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Singapore – Amendments To The Companies Act: The Companies (Amendment) Bill 2014.

29 October, 2014

 

Legal News & Analysis – Asia Pacific – Singapore – Corporate/M&A

 

On 8 October 2014, the Companies (Amendment) Bill No. 25 of 2014 (“Amendment Bill”) was as passed by the Singapore Parliament. The Amendment Bill introduces wide-ranging amendments to the Singapore Companies Act (“CA”) which are aimed at (i) reducing regulatory burden on companies; (ii) providing greater business flexibility and (iii) improving the corporate governance landscape in Singapore. The Amendment Bill is also noteworthy for the fact that it introduces the largest number of amendments to the CA in a single amendment bill since the enactment of the CA in 1967.

 

The amendments in the Amendment Bill are due to come into operation on a date to be appointed by notification in the Singapore Government Gazette. It is expected that most of these amendments will come into force by the end of 2014.

 

We set out below some of the key amendments introduced by the Amendment Bill.

 

Overview Of Key Amendments

 

Conversion Of Classes Of Shares (Section 40 Amendment Bill / Section 74A CA)

 

A company the share capital of which is divided into different classes of shares may now authorize in its constitution the conversion of one class of shares into another class of shares.

 

A public company may convert one class of shares (A) to another class of shares (B) by special resolution only if the constitution of the public company permits B to be issued, and sets out the rights attached to B. A private company may carry out such conversion by lodging a notice of conversion with the Registrar.

 

Multiple Proxies Regime (Section 97 Amendment Bill / Section 181 CA)

 

Companies in Singapore will now be required to allow indirect investors who hold shares through a nominee company, custodian bank or through CPF agent banks to appoint more than two proxies to attend and vote at shareholder meetings. A company will not be allowed to opt out of this multiple proxies regime.

 

Issuance Of Shares With Different Voting Rights (Section 33 Amendment Bill / Section 64A CA)

 

The current restriction in the CA restricting companies to one vote per equity share will be removed. This will allow public companies to issue shares with different voting rights, providing them with greater flexibility in capital management.

 

Financial Assistance Permitted Under Certain Circumstances (Section 41 Amendment Bill / Section 76(9BA) CA)

 

Section 76 of the CA currently prohibits any company incorporated under the Act from providing financial assistance for the acquisition of its own shares, or the shares of its holding company. The primary rationale for the prohibition is to protect creditors and to preserve the capital of a company.

 

This provision will be amended to limit the prohibition only to public companies and their subsidiaries. An exception to this prohibition will also be introduced to allow the provision of financial assistance, so long as the provision of such assistance does not materially prejudice the interests of the company or its shareholders, or the company’s ability to pay its creditors. To do so, the board of directors will be required to pass a resolution that (i) the company should give the assistance; (ii) the terms and conditions of the assistance are fair and reasonable to the company and; (iii) set out the full grounds of the directors’ conclusions.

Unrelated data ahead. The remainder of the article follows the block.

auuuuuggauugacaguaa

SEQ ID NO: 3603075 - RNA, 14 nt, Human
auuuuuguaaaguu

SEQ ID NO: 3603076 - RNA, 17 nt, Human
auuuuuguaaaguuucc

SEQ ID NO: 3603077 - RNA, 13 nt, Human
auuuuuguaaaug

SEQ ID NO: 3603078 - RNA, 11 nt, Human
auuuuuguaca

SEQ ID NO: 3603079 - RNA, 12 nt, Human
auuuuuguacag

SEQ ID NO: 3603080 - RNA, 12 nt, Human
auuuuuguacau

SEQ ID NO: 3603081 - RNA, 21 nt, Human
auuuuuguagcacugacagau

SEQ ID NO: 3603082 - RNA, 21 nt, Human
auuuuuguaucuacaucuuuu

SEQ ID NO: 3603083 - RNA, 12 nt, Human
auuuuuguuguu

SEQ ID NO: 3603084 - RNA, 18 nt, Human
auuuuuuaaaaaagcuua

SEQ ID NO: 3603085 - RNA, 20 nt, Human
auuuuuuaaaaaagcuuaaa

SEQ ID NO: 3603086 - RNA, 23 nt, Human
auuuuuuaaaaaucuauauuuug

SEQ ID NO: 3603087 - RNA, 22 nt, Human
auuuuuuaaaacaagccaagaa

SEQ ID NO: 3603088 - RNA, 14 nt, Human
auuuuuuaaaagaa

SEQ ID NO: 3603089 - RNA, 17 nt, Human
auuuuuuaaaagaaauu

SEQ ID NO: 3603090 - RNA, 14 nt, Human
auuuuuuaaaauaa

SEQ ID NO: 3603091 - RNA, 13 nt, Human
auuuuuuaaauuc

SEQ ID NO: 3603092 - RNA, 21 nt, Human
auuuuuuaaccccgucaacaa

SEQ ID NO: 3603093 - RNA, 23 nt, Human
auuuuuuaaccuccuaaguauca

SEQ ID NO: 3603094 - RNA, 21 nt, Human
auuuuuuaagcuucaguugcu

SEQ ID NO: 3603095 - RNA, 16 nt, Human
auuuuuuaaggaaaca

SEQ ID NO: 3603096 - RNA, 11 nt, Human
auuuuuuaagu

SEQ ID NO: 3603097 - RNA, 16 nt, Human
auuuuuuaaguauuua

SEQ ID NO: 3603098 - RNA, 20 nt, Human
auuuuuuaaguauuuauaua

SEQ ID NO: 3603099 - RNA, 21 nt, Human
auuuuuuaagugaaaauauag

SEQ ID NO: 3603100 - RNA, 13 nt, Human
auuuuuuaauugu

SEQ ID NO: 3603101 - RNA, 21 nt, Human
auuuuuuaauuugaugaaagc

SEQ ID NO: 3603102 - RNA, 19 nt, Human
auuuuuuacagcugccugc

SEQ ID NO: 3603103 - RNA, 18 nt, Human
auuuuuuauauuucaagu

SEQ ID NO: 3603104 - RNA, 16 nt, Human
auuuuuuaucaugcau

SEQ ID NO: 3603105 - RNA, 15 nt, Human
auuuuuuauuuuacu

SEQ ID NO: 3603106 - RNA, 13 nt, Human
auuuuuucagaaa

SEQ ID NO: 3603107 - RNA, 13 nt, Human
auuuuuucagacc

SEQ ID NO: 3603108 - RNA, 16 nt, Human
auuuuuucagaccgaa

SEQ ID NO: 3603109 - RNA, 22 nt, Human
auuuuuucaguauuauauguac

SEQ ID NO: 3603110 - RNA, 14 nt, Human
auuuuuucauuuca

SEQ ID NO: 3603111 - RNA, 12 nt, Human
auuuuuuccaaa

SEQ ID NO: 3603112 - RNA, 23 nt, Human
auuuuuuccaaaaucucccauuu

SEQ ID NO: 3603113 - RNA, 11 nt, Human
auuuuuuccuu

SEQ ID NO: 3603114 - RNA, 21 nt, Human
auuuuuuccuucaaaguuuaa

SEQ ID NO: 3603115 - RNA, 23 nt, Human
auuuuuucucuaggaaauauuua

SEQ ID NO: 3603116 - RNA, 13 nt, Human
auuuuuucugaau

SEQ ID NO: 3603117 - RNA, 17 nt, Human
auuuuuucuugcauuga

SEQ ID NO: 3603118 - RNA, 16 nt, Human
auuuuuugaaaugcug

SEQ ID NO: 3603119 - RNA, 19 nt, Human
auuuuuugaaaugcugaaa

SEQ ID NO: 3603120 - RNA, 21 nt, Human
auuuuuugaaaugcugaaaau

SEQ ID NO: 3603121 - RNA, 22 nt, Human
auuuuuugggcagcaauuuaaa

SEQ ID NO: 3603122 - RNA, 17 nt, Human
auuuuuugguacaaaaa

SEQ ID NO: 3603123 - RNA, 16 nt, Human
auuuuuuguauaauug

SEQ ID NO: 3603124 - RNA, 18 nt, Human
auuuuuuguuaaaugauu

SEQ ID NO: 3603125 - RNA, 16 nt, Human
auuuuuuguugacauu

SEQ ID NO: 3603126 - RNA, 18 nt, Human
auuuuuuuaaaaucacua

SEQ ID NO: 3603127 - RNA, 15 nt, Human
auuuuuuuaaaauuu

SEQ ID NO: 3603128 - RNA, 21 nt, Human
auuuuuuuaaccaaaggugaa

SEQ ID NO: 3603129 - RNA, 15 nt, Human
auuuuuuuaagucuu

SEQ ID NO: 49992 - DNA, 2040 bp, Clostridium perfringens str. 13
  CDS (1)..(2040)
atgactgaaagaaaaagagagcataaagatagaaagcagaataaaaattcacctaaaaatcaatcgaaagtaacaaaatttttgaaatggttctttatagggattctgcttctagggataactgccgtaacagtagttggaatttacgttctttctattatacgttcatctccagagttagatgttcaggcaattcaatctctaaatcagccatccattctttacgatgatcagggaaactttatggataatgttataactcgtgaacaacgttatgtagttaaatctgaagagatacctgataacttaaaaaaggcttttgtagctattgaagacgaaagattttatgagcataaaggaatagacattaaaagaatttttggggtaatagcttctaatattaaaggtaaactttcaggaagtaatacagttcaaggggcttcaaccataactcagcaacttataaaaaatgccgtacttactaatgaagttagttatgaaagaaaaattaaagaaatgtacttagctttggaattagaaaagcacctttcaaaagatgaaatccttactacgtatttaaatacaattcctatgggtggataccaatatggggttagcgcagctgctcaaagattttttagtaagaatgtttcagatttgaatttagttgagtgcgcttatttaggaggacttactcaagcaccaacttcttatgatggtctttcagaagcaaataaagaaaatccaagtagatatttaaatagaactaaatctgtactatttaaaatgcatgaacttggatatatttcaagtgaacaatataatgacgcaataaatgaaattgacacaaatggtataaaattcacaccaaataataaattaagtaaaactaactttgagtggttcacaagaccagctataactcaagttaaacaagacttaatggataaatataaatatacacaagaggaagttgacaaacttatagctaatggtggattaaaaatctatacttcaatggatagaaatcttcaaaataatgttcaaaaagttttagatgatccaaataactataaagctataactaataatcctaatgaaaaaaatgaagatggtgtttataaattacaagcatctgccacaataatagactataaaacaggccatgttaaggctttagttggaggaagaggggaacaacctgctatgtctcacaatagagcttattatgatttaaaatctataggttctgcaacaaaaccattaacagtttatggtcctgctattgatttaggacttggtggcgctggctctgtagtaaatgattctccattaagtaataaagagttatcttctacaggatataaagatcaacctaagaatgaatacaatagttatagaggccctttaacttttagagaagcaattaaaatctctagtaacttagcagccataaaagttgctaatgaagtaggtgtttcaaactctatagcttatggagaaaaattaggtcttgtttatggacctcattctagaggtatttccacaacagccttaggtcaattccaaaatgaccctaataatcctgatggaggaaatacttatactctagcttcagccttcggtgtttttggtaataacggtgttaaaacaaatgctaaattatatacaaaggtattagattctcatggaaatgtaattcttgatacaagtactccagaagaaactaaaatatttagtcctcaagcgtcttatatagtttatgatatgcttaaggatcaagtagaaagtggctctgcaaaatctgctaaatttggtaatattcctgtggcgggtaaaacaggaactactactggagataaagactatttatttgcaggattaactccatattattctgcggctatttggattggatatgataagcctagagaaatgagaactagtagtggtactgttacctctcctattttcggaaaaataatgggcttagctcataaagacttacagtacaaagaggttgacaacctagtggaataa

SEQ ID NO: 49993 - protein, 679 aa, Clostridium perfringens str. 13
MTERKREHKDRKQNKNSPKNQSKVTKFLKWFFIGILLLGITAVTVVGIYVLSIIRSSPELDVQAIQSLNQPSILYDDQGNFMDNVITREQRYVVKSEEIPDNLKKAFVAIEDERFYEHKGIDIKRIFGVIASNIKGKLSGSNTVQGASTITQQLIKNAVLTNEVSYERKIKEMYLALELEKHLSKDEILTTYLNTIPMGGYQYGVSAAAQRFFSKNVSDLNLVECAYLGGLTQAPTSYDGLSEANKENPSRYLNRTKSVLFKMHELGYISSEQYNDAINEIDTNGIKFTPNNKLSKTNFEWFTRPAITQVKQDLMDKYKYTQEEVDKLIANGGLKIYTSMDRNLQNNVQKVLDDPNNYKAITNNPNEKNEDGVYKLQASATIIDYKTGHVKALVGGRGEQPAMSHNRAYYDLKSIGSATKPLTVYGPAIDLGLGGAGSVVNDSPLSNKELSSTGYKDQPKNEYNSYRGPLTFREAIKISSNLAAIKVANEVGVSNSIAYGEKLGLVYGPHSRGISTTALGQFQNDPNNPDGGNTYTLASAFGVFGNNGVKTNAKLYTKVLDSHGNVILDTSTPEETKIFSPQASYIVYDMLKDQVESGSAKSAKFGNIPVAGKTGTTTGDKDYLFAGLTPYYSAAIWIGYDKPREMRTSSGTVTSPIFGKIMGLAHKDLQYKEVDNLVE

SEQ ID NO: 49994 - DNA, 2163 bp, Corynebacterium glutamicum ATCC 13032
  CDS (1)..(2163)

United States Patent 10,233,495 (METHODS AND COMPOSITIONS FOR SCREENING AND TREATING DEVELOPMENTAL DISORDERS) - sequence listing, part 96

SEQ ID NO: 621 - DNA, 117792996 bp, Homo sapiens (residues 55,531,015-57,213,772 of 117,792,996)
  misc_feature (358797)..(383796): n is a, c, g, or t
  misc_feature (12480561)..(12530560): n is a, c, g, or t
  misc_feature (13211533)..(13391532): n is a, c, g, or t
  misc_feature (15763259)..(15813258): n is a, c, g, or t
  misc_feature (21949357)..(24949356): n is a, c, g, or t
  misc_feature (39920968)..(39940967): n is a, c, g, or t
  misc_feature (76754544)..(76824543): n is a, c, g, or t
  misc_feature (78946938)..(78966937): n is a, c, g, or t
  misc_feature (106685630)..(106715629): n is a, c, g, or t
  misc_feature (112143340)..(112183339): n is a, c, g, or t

CEOs Of Non-Listed Companies Required To Disclose Interests In Securities Of Company And Conflict Of Interests (Section 77 Amendment Bill / Section 156 CA)

 

The statutory duty of disclosure of conflicts of interest in transactions and shareholdings in the company is presently only a requirement for directors. Following the amendment, a CEO of a non-listed company incorporated in Singapore (who is not also a director) will be required to disclose his (and his family members’) interests in securities of the company (but not of the company’s related corporations) and conflict of interests in transactions/proposed transactions with the company or arising from any offices held or properties possessed by him.

 

Share Buyback Limit Maintained At 20% (Section 76B CA)

 

The share buyback limit provided for in the CA will be maintained at 20%.

 

Reduction Of The Minimum Number Of Authorised Representatives Of Foreign Companies (Section 158 Amendment Bill / Section 370 CA)

 

Instead of the current minimum number of two representatives, the CA will now require a foreign company to appoint at least one authorised representative. This change is intended to streamline registration requirements and reduce the regulatory burden on foreign companies.

 

Electronic Transmission Of Notices And Documents (Section 169 Amendment Bill / Section 387C CA)

 

Notices of meetings and other documents may, following the amendments, be sent to members electronically in the manner to be prescribed in the CA, as long as the specified modes of electronic transmission are set out in the companies’ constitution.

 

Conclusion

 

The latest amendments to the CA are welcome, and further cement Singapore’s commitment to evolving and improving the business and regulatory landscape in Singapore.

 

herbert smith Freehills

 

For further information, please contact:

 

Nicola Yeomans, Partner, Herbert Smith Freehills

nicola.yeomans@hsf.com

 

Kwok Hon Yee, Herbert Smith Freehills

kwokhon.yee@hsf.com

 

Emmanuel Chua, Herbert Smith Freehills

emmanuel.chua@hsf.com

 

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